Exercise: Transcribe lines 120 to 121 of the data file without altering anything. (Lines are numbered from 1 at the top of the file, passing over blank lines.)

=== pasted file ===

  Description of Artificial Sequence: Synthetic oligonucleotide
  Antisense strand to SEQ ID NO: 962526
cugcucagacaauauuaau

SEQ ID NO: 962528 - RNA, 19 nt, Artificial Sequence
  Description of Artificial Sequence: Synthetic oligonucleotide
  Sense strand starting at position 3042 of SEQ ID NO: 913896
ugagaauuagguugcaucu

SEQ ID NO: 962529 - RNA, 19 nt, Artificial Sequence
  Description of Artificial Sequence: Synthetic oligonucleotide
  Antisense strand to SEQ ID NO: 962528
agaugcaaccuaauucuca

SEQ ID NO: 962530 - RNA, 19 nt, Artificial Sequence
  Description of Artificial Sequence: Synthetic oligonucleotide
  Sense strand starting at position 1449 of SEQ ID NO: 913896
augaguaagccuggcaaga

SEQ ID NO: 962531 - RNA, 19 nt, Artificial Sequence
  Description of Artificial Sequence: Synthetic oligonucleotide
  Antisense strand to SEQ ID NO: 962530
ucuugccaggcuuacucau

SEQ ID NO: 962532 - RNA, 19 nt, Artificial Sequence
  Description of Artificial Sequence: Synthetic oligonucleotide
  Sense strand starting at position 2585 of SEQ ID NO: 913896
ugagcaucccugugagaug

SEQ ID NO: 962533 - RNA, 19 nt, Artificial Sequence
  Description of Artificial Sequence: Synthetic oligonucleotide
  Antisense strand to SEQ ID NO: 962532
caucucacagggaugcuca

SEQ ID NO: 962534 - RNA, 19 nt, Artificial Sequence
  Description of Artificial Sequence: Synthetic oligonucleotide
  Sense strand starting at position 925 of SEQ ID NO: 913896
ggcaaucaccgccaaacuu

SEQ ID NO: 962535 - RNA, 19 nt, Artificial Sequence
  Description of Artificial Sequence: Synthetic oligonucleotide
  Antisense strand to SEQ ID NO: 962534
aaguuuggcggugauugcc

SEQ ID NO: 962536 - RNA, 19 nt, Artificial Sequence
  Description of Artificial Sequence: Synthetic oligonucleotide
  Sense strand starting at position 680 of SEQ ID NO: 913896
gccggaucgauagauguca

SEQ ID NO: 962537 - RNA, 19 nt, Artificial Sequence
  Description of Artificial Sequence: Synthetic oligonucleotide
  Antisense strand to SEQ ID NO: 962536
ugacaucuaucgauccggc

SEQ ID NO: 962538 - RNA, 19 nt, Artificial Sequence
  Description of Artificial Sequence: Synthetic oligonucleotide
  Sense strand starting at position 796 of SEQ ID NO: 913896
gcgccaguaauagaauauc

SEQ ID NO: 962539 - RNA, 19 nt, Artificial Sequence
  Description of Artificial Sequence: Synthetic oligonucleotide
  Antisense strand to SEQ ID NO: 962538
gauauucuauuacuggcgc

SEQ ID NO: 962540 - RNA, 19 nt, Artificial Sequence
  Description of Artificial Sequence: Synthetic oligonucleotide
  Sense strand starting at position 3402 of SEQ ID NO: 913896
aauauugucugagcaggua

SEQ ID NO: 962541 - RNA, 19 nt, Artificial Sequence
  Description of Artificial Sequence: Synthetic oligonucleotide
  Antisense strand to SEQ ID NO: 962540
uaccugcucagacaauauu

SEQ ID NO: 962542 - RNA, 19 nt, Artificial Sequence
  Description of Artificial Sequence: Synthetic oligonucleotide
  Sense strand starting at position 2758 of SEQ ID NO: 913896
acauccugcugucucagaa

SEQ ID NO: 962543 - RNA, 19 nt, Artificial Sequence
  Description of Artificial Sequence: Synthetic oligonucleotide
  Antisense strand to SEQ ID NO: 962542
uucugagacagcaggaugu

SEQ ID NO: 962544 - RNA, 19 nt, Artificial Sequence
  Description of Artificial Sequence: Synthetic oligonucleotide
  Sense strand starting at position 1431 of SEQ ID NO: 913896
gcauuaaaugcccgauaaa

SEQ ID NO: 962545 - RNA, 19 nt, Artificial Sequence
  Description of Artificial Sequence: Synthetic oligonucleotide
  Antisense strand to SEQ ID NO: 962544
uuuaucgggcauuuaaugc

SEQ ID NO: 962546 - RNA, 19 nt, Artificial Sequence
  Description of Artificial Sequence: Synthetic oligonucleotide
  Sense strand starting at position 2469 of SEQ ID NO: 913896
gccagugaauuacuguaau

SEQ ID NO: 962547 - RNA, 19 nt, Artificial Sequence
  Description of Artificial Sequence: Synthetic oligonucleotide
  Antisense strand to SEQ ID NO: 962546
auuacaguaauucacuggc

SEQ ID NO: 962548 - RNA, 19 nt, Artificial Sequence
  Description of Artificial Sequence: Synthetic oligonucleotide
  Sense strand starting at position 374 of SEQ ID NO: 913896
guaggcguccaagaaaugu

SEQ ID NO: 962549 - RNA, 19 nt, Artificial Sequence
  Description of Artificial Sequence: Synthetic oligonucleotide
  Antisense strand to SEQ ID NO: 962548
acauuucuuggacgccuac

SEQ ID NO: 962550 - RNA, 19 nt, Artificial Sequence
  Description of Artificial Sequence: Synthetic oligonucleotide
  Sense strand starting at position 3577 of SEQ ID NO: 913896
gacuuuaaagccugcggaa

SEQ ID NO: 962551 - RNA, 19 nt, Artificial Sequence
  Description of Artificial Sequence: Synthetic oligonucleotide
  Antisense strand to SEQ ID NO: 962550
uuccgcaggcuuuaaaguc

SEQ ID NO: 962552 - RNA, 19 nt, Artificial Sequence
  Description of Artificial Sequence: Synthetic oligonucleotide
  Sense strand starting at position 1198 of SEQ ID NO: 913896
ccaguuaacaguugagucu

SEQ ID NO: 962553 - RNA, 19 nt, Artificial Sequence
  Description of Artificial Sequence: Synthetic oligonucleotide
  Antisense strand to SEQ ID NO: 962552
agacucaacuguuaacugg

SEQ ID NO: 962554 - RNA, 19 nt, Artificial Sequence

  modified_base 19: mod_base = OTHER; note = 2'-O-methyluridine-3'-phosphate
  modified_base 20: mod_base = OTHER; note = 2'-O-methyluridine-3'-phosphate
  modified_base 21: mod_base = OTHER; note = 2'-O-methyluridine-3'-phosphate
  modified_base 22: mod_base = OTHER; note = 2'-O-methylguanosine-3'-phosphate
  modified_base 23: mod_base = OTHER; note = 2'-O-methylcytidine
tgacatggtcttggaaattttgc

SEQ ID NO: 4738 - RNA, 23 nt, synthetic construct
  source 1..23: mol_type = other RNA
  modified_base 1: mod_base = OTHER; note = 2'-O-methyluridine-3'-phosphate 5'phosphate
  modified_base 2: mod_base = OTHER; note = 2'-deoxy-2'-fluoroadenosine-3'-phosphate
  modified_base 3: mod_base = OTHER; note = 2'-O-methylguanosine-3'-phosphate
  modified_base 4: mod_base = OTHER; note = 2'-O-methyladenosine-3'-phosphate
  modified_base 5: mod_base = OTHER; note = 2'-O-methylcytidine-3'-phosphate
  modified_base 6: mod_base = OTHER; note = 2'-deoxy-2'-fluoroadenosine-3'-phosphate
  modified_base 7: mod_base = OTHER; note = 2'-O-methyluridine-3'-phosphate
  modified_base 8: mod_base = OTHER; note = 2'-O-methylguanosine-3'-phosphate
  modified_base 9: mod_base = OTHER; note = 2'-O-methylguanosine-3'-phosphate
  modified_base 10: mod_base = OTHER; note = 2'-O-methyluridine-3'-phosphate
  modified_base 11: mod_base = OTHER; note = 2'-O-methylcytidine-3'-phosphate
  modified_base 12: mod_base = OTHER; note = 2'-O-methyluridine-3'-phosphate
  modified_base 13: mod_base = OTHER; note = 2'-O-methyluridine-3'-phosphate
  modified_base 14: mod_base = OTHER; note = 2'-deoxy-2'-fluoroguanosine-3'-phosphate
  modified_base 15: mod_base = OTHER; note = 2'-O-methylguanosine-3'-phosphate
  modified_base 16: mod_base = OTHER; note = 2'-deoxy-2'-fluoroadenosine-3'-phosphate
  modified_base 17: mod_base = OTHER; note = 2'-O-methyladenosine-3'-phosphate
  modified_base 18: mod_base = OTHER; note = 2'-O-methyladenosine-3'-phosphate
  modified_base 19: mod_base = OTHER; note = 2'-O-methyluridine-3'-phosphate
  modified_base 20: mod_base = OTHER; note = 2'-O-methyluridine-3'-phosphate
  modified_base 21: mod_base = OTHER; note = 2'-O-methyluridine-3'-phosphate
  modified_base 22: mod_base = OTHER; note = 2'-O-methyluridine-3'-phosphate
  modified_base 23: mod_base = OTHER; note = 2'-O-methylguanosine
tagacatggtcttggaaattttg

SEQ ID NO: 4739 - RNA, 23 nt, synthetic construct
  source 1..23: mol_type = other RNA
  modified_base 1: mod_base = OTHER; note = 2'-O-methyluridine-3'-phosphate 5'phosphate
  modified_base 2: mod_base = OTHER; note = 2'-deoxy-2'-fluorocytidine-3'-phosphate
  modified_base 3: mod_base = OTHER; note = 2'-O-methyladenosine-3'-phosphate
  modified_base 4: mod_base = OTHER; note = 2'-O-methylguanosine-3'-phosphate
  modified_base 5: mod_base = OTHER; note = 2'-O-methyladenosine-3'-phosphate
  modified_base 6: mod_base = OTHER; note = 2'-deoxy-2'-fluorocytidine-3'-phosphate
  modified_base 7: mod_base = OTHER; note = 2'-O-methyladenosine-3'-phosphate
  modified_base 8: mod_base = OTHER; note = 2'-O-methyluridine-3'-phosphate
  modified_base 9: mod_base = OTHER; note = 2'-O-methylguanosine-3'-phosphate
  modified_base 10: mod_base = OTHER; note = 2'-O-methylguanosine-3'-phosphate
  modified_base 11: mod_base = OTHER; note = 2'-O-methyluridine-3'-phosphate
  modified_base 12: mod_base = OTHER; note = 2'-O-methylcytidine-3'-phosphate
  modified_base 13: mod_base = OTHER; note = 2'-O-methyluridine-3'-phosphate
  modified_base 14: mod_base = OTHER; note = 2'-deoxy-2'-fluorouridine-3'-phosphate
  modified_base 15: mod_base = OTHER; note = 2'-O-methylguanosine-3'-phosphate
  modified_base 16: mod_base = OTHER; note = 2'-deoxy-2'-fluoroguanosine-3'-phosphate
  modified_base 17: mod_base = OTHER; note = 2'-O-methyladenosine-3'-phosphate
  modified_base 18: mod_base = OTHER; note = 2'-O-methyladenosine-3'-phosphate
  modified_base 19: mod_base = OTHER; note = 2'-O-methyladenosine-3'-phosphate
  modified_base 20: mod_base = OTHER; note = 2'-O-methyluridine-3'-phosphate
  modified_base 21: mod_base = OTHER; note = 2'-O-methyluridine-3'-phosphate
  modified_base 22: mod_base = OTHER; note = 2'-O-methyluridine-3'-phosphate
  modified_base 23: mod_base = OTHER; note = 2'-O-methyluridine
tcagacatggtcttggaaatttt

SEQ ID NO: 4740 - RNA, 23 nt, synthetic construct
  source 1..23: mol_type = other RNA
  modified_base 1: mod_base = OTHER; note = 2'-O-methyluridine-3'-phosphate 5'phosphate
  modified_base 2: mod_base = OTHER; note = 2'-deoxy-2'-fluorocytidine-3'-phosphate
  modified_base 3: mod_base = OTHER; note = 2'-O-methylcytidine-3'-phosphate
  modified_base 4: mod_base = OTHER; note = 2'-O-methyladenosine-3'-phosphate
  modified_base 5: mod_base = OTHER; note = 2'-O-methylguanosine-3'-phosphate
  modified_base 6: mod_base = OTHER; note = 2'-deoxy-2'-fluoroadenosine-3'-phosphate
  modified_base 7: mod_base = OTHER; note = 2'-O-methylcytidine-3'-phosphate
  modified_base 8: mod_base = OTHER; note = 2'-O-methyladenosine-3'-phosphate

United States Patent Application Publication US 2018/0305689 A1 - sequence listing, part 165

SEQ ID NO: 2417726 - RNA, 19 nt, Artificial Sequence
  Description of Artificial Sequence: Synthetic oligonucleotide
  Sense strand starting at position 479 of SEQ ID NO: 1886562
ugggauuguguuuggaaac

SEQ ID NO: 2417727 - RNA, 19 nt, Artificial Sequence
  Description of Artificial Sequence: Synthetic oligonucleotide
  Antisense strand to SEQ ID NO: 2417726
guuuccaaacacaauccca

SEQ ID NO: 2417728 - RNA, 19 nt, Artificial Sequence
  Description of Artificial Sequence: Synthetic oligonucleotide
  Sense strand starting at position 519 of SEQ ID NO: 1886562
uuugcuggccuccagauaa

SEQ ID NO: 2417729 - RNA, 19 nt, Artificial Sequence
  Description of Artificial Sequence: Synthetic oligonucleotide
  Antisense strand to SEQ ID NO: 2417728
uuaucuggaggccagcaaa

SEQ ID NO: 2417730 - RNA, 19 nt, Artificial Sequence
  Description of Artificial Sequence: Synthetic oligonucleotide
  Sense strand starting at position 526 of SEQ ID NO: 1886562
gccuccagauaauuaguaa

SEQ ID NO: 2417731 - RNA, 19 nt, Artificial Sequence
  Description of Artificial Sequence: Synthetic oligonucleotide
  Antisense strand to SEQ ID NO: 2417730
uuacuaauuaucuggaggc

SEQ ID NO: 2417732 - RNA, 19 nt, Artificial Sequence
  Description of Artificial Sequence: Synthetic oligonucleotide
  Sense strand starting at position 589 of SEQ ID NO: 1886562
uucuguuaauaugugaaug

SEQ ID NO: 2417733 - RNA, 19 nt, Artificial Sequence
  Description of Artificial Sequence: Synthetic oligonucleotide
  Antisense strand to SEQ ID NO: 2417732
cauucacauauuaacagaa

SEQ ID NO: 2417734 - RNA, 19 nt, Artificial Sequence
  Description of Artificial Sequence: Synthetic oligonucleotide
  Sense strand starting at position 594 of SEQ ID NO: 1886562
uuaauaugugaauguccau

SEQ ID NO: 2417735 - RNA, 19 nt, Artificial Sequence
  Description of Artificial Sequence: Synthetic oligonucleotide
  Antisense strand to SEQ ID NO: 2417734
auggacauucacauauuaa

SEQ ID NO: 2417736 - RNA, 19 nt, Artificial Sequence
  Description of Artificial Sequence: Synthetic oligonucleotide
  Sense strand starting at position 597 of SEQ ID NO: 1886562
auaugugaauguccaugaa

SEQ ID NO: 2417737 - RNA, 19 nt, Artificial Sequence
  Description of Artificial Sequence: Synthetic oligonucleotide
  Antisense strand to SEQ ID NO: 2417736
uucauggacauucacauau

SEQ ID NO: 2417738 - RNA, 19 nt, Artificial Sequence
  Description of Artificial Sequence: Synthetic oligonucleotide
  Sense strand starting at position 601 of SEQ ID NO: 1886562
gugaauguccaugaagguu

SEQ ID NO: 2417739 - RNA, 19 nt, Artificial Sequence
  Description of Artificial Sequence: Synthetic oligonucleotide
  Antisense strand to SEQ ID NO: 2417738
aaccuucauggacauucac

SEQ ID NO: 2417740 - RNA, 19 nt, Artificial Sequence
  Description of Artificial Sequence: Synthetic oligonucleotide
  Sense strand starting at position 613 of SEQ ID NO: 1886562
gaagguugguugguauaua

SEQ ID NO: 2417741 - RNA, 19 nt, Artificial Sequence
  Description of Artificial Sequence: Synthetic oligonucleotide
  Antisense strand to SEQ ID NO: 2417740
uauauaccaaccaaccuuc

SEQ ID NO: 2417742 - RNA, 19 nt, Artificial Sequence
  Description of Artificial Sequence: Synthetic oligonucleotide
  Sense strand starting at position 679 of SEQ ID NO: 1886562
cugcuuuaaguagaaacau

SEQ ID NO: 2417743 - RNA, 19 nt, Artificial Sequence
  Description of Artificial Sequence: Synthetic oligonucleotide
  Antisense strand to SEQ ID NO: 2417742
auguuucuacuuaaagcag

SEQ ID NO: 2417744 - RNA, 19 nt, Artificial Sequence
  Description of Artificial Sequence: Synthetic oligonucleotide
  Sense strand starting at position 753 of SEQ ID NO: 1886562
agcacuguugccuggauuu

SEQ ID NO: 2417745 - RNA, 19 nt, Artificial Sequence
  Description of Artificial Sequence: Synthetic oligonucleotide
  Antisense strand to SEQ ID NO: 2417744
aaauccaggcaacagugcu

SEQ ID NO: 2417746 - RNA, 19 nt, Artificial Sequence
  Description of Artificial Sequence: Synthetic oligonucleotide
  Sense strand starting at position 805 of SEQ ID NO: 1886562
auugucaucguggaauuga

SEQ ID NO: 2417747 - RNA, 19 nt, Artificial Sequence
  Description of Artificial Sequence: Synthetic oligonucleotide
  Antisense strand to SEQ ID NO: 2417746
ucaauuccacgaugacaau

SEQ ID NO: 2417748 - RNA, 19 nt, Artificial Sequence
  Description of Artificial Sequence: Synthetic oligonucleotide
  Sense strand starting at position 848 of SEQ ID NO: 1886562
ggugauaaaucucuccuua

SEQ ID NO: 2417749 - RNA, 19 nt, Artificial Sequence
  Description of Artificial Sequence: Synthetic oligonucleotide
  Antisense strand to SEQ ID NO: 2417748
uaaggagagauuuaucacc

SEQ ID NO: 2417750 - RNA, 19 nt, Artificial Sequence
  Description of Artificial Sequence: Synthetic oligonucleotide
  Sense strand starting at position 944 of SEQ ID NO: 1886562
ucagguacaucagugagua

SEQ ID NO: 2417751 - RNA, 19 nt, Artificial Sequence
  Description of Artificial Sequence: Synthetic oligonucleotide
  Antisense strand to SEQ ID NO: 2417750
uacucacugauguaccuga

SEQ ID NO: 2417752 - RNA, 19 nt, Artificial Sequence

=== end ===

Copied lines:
  modified_base 4: mod_base = OTHER; note = 2'-O-methyladenosine-3'-phosphate
  modified_base 5: mod_base = OTHER; note = 2'-O-methylcytidine-3'-phosphate